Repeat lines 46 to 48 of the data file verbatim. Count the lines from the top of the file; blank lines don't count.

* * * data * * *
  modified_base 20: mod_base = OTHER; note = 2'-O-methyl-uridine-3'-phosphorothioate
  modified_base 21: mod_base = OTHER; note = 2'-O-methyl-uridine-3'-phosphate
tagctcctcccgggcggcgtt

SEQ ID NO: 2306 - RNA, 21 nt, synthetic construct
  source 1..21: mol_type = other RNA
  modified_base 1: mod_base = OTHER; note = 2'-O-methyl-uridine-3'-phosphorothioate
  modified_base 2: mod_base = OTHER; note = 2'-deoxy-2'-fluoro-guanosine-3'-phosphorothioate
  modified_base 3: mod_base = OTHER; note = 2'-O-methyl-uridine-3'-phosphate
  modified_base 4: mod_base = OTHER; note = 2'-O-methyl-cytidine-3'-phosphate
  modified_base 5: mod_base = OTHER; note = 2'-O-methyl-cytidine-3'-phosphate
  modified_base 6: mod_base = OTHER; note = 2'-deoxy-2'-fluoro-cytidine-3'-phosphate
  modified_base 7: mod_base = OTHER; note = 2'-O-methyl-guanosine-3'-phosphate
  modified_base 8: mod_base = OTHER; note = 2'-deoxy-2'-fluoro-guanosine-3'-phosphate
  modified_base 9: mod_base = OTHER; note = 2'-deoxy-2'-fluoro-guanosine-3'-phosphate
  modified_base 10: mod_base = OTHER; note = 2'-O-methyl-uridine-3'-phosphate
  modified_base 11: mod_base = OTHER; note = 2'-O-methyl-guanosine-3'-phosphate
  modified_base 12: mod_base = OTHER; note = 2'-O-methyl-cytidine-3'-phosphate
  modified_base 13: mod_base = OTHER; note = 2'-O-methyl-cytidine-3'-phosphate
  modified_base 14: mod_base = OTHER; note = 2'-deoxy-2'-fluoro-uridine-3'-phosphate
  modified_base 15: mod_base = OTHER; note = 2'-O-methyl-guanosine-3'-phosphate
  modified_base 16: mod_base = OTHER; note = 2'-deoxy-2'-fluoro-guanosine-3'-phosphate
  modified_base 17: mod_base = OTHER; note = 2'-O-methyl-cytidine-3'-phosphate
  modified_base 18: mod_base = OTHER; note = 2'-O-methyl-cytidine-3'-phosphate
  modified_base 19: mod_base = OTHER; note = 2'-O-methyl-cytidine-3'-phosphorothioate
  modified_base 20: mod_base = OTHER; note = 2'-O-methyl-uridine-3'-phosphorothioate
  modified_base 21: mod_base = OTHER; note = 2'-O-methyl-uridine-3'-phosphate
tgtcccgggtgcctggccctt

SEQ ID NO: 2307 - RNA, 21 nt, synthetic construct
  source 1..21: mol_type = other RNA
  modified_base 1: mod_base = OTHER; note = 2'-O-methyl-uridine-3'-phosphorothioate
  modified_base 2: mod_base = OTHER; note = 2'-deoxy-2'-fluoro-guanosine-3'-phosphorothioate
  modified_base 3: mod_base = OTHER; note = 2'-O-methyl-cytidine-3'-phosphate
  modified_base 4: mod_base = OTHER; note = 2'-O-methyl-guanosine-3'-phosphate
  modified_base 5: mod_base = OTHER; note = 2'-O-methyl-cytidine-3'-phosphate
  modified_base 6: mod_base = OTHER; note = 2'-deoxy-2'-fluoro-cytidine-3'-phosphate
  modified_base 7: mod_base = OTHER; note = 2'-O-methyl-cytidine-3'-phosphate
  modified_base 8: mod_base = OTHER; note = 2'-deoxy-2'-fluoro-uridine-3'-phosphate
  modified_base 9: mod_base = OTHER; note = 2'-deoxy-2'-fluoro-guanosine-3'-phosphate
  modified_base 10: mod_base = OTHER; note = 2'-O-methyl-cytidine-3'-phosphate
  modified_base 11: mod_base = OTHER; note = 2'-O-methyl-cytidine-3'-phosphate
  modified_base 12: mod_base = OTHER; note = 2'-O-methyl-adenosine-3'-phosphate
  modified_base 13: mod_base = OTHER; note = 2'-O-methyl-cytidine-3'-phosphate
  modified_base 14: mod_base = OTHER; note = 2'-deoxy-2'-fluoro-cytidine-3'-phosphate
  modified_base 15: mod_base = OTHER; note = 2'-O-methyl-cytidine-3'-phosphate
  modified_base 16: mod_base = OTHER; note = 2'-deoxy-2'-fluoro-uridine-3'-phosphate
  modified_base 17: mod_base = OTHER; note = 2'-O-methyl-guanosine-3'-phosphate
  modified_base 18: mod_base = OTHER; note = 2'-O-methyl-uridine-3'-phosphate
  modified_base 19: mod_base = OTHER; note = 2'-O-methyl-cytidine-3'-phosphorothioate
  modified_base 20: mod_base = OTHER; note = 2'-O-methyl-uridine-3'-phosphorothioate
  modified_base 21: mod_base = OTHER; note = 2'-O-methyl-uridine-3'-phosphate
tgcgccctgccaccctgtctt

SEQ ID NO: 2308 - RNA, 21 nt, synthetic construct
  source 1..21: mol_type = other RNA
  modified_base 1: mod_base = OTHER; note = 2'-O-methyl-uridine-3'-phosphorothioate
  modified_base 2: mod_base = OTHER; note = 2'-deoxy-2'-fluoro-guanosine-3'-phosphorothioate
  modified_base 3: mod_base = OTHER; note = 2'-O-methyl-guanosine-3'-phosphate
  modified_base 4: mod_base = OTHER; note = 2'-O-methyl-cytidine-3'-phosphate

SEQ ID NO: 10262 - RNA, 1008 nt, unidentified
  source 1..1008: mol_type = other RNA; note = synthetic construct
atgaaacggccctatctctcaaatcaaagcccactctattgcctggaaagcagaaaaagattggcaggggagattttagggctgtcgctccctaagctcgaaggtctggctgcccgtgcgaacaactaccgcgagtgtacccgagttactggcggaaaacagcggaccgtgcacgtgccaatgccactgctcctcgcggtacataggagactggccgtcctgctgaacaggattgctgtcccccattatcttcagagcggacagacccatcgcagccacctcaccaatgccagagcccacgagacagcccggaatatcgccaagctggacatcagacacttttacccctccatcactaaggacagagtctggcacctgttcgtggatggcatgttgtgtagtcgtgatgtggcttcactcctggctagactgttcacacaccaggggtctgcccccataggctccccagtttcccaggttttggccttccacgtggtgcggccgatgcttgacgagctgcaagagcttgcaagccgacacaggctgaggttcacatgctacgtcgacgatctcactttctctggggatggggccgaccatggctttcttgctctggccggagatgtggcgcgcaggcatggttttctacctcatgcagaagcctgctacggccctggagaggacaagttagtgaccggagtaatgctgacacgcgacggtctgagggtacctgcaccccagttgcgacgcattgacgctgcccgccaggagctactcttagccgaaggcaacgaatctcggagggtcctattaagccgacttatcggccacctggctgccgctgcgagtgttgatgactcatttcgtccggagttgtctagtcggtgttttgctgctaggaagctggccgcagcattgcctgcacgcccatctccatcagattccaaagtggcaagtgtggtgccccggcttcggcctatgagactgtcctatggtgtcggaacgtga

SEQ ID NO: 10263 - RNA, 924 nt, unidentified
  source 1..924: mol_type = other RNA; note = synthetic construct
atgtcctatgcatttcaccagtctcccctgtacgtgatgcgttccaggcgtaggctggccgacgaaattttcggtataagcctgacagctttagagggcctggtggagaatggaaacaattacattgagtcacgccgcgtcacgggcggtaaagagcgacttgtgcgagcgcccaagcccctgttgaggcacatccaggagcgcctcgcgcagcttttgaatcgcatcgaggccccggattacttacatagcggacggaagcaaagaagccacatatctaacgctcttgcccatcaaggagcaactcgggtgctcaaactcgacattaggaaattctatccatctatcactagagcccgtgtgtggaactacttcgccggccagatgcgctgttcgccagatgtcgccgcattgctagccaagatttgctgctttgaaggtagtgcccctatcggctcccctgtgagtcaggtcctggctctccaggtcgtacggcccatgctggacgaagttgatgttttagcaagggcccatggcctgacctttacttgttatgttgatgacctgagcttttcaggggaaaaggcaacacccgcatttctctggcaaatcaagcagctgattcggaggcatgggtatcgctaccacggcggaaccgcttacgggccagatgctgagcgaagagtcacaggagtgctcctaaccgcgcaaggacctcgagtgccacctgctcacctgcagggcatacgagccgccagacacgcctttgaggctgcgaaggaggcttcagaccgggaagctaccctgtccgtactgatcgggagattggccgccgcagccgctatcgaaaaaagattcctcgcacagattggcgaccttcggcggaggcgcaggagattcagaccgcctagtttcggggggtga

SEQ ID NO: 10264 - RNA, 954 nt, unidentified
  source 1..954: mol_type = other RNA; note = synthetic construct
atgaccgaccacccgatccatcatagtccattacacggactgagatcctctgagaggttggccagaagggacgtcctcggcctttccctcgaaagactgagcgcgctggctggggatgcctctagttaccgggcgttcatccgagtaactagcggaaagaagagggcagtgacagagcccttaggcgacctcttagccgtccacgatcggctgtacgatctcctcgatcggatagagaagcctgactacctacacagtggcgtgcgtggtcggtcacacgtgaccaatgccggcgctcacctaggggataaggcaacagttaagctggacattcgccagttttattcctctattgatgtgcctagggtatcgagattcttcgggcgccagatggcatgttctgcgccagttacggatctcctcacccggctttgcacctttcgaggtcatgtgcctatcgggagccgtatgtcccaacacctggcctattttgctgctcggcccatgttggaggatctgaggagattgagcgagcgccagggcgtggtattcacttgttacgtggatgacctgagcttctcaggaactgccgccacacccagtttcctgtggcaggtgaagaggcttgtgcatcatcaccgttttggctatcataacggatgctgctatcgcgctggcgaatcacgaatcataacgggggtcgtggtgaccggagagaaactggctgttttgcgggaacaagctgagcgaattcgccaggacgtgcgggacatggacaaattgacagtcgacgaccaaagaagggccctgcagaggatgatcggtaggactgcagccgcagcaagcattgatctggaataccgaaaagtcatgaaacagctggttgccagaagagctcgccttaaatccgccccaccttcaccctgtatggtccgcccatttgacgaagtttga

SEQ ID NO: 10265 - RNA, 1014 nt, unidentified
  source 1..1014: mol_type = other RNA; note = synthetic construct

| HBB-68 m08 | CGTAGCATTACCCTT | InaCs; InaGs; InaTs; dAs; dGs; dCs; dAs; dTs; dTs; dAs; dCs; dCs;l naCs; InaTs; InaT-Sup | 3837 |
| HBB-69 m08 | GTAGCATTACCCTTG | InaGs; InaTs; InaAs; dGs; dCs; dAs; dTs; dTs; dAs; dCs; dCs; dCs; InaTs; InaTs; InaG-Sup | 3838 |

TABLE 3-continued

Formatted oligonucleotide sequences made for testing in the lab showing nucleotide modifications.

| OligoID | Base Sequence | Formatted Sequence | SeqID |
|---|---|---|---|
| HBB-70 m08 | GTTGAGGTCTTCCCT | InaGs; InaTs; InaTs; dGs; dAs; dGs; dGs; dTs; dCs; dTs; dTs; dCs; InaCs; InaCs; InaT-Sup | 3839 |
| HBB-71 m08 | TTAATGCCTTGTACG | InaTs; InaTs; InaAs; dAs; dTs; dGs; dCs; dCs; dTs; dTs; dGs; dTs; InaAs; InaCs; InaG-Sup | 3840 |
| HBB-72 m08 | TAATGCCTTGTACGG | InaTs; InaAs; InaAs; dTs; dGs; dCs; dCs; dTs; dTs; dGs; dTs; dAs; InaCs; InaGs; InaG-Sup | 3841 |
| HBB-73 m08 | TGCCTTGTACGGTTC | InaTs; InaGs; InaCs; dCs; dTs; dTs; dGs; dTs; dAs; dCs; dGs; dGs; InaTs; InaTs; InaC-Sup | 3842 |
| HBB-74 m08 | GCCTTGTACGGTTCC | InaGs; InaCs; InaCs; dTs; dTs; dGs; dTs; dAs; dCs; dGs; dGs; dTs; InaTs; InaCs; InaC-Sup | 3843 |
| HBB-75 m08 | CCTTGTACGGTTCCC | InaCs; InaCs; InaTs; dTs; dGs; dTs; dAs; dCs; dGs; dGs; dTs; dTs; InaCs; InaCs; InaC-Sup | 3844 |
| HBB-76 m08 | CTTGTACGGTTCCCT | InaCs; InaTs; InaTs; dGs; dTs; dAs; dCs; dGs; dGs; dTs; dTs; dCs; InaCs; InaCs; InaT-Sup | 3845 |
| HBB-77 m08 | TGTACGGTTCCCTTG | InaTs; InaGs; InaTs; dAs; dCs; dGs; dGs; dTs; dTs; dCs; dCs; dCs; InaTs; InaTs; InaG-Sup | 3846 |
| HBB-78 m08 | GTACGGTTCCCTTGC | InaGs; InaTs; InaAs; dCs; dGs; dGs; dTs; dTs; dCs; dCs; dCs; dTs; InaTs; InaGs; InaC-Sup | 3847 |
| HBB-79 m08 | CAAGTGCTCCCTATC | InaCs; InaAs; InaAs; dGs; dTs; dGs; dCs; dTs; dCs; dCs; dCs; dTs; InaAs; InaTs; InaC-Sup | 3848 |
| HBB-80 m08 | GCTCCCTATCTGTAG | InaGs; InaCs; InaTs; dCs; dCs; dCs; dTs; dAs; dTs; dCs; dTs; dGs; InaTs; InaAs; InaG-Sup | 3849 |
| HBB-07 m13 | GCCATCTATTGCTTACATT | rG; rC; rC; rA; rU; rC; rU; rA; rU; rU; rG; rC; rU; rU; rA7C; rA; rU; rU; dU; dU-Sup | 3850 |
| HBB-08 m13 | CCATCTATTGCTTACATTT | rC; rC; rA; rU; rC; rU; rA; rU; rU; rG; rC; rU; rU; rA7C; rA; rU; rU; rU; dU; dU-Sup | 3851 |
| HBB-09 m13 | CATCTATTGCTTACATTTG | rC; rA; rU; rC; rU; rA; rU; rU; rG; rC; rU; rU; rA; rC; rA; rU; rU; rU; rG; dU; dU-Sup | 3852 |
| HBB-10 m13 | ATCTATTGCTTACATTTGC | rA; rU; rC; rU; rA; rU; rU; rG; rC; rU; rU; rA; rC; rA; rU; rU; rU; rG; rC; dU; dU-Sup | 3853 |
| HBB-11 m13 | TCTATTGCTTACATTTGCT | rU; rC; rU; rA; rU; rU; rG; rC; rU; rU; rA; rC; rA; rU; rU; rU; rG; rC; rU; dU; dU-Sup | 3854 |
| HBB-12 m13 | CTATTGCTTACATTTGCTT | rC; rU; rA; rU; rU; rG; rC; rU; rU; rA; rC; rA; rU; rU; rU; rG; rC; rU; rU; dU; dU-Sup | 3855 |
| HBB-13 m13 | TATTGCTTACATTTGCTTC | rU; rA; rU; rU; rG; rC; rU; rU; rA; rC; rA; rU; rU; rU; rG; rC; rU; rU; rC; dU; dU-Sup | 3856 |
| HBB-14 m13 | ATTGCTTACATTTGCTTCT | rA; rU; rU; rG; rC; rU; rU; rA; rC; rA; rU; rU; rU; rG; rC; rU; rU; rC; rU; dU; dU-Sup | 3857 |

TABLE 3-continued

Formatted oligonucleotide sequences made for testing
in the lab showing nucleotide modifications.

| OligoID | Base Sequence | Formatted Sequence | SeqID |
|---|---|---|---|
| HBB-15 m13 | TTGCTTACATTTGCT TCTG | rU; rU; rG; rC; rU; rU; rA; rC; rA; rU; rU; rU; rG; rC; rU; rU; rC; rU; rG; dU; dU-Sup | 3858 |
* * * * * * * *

  modified_base 17: mod_base = OTHER; note = 2'-O-methyl-guanosine-3'-phosphate
  modified_base 18: mod_base = OTHER; note = 2'-O-methyl-uridine-3'-phosphate
  modified_base 19: mod_base = OTHER; note = 2'-O-methyl-cytidine-3'-phosphorothioate